Johnson & Johnson posts strong third quarter earnings after pause in coronavirus vaccine study

J&J exec on coronavirus vaccine study pause: Will let science dictate how we proceed

Johnson & Johnson CFO and Executive Vice President Joe Wolk on the coronavirus vaccine study being paused due to an adverse reaction by a participant, earnings, and the supply chain.

Johnson & Johnson reported a strong third-quarter performance on Tuesday following an announcement that it is pausing its coronavirus vaccine research study.

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While the stock fell Tuesday on the news that the 60,000-patient clinical trial was temporarily halted, the drug maker’s worldwide sales from July to September jumped 1.7% to $21.1 billion. Its adjusted earnings per share rose 3.8% to $2.20.

JOHNSON & JOHNSON COVID-19 VACCINE STUDY PAUSED DUE TO ILLNESS

Johnson & Johnson CFO Joe Wolk told FOX Business’ Maria Bartiromo on “Mornings with Maria” on Tuesday that “all three segments performed extremely well especially considering the pandemic dynamics.”

The company’s consumer health sales rose 1.3% to $3.5 billion, while pharmaceutical sales jumped 5% to $11.4 billion.

The drug maker posted stronger than expected third quarter earnings following an announcement that it paused its coronavirus vaccine research study after a participant came down with an unexplained illness. (Mark Ralston/AFP/Getty Images)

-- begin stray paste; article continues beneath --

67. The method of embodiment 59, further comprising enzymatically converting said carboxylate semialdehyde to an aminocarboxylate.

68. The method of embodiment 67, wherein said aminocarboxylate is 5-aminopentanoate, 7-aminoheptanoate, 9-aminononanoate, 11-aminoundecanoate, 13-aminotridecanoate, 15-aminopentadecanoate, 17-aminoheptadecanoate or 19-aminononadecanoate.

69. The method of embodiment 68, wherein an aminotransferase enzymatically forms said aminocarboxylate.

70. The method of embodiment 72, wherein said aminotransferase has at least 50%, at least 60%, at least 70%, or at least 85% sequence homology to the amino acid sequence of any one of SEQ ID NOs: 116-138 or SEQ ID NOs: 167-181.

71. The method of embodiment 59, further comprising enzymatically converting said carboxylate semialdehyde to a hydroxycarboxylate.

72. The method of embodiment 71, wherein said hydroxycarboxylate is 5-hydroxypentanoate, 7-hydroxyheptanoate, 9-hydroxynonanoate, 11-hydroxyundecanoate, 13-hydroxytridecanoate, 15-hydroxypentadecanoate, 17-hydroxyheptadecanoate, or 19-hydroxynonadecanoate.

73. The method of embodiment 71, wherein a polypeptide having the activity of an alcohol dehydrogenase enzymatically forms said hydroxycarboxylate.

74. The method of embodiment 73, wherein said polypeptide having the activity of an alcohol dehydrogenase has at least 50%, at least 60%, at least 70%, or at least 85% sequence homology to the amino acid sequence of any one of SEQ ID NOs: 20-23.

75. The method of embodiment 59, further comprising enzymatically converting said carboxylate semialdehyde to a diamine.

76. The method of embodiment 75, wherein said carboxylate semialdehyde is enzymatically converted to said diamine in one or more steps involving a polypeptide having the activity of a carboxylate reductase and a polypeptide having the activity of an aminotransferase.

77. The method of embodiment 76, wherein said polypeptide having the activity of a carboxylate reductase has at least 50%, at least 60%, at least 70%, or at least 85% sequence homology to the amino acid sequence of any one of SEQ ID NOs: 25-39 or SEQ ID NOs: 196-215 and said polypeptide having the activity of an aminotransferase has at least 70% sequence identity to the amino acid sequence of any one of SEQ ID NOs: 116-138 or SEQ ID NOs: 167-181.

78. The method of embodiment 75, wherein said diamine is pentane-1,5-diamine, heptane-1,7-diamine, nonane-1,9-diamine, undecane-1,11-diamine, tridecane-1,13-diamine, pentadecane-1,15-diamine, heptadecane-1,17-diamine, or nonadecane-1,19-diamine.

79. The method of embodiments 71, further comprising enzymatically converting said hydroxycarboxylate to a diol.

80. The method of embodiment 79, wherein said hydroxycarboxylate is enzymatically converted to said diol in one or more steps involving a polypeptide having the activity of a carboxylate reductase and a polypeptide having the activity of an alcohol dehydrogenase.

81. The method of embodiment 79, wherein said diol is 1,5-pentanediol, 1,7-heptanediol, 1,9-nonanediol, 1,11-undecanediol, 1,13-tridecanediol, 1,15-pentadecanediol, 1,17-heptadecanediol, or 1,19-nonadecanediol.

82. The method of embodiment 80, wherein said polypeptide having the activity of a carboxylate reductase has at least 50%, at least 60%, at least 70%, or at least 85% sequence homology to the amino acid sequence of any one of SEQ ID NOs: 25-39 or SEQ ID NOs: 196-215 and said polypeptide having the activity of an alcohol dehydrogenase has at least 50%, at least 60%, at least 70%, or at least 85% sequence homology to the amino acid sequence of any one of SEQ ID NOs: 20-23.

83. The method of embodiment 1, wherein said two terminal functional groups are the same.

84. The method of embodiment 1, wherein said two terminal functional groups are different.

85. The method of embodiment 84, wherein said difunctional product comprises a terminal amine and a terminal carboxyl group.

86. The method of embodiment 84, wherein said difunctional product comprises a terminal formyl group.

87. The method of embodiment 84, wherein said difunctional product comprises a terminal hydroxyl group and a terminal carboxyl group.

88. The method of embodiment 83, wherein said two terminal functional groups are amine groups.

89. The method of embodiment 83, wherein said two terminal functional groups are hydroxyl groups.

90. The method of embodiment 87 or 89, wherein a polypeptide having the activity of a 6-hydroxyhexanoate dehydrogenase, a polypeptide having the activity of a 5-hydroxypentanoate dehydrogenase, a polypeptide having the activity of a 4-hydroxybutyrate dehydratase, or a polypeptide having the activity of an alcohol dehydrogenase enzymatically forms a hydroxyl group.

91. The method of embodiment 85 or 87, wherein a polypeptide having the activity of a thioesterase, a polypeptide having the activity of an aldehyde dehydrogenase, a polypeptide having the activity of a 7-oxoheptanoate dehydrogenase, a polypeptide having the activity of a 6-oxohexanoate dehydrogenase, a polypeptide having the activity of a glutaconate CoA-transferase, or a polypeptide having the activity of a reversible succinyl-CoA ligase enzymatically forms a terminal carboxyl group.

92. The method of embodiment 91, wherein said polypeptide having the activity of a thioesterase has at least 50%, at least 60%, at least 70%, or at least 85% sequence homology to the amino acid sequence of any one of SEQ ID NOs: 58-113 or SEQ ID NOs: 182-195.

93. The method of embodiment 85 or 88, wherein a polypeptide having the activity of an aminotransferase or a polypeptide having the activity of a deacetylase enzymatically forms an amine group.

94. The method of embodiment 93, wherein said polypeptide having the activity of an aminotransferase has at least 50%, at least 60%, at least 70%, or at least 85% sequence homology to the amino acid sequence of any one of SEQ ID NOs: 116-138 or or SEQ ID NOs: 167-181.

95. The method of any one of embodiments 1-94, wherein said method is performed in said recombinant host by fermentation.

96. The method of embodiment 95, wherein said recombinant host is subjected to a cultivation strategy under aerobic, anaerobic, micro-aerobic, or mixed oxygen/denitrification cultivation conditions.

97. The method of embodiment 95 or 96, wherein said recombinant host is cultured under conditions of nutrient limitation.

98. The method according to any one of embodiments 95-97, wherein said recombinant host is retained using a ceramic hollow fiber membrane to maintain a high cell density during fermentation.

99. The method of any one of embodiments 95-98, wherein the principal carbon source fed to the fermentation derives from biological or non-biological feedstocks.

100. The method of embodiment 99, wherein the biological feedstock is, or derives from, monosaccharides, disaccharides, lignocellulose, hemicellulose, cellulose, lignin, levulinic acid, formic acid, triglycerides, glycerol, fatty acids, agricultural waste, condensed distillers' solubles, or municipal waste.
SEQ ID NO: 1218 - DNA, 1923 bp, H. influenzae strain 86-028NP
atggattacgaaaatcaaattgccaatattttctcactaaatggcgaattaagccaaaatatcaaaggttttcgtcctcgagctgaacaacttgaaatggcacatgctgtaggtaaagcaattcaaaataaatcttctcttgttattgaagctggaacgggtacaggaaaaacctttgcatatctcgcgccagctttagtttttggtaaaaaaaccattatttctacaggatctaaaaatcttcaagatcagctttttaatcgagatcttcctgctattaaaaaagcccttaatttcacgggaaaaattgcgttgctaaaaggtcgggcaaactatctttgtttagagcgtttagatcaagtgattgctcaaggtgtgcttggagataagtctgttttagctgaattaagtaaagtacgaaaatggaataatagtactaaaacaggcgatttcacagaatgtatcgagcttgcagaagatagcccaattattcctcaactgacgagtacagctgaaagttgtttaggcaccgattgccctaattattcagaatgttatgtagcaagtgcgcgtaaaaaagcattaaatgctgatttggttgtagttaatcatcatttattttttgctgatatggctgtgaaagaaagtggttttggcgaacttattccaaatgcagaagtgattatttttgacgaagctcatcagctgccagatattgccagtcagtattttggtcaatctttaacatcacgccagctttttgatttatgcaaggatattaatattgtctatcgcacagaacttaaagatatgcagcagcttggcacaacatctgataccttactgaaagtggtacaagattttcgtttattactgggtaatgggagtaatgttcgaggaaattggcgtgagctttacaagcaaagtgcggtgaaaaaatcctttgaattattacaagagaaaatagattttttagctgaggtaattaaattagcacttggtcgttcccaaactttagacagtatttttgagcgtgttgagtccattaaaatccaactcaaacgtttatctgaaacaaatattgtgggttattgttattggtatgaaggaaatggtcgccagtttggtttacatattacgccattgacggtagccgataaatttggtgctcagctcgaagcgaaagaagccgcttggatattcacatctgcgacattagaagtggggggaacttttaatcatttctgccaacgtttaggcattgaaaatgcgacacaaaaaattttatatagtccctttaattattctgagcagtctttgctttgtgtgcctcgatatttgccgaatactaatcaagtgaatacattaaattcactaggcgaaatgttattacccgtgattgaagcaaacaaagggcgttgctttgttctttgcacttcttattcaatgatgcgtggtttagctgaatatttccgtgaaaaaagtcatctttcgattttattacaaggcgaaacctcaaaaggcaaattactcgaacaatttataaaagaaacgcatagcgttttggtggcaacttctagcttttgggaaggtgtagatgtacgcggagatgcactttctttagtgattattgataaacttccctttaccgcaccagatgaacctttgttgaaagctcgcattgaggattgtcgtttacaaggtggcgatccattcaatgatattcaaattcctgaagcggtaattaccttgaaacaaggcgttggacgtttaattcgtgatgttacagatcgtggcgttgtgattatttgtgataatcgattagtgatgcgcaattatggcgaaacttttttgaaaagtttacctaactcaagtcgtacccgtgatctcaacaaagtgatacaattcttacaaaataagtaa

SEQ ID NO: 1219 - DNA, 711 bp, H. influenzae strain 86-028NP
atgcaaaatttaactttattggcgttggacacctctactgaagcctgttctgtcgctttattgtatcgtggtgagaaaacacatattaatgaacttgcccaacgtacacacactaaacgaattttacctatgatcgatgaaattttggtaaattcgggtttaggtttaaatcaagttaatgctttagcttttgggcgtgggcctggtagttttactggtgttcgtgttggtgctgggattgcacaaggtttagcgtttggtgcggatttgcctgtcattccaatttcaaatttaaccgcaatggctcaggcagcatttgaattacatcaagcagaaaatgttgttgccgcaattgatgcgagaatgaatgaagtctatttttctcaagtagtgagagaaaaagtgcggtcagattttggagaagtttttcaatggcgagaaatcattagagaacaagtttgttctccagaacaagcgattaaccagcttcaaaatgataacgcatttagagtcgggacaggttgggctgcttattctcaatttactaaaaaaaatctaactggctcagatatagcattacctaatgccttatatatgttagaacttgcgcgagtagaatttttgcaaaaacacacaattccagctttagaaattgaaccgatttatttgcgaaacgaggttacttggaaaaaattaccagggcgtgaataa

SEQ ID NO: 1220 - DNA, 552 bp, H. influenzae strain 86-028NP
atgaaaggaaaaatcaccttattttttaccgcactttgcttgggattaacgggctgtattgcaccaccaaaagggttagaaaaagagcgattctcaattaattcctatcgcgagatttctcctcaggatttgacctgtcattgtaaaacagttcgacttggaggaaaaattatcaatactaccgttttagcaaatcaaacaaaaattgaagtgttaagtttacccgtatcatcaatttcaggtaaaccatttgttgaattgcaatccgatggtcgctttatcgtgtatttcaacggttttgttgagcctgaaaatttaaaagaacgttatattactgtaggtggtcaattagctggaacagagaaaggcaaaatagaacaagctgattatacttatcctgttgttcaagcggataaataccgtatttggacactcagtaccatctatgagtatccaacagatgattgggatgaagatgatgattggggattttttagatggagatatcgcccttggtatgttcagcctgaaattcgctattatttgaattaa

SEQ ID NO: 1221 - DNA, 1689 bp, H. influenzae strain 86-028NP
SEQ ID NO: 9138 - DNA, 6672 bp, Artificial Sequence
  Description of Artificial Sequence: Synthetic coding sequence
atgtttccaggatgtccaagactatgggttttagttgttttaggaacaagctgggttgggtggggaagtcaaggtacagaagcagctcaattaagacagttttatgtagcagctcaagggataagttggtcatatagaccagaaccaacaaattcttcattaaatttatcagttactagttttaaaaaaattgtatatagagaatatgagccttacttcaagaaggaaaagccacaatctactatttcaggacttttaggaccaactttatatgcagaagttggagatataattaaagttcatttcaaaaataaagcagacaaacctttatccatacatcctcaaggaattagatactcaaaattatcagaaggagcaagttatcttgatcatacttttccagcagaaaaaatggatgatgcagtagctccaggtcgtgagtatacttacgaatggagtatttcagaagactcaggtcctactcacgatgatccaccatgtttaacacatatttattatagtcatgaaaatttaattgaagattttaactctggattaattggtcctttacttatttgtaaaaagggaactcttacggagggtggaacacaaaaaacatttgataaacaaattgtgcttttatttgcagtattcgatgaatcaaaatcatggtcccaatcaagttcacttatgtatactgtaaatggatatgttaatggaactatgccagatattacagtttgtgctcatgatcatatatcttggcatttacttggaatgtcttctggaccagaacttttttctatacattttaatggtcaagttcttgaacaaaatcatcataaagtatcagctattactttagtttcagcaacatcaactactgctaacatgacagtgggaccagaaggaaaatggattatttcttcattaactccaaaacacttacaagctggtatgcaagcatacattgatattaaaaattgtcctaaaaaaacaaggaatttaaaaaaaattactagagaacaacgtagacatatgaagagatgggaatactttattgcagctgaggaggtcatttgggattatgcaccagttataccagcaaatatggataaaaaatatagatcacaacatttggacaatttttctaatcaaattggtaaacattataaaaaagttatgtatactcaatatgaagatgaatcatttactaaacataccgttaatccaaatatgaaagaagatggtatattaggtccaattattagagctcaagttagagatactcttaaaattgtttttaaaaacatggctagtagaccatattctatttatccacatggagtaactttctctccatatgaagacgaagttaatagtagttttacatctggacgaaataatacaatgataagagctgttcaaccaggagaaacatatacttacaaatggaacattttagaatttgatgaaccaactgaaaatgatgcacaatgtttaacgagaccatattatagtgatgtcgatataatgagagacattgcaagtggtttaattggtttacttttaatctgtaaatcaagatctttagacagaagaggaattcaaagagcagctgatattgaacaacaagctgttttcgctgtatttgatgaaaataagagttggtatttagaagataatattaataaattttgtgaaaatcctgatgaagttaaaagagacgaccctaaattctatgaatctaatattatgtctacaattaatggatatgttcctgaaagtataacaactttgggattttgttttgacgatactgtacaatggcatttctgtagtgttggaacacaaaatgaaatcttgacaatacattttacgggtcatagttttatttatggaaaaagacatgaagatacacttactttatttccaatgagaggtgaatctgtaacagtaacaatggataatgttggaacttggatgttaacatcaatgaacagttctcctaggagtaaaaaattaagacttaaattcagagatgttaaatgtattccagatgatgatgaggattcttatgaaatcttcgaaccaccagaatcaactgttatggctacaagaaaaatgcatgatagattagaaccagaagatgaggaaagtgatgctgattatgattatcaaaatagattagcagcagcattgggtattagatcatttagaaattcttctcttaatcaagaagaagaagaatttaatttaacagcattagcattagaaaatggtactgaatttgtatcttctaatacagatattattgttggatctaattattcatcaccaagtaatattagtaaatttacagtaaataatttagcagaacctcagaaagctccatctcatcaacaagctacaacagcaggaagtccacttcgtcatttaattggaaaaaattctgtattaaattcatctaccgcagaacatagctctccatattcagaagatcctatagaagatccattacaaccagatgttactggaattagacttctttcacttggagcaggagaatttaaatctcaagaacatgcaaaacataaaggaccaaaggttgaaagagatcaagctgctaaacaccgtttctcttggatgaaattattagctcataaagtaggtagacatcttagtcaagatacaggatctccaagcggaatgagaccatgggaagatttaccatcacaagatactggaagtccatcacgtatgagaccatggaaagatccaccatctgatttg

Wolk said medical device sales impacted earnings the most. The segment was down almost 35% in the second quarter. But as elective procedures returned, sales fell 3.6% to $6.2 billion in the third quarter.

“I also have to give a tremendous amount of credit to the hospital systems out there,” Wolk said. “They are making patients feel safe. They can run their hospital systems in a manner that treats all patients and not just shut down for the potential to treat COVID patients.”

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JNJJOHNSON & JOHNSON148.51-3.33-2.19%

However, the stock still slid nearly 2% early Tuesday after one participant in the company’s coronavirus vaccine study came down with an unexplained illness and forced the study to be paused.

Wolk said that “unexpected, adverse effects” in a 60,000-patient study should be expected to some degree. He added that this new information will be analyzed by an independent board before the study can resume, but the company remains confident in its safety.

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“We have not altered our investment plans in terms of expanding our manufacturing capacity,” Wolk said. “We’re still on the timeline for first quarter next year for potential approval. And we’re going to let the science dictate how we proceed.”

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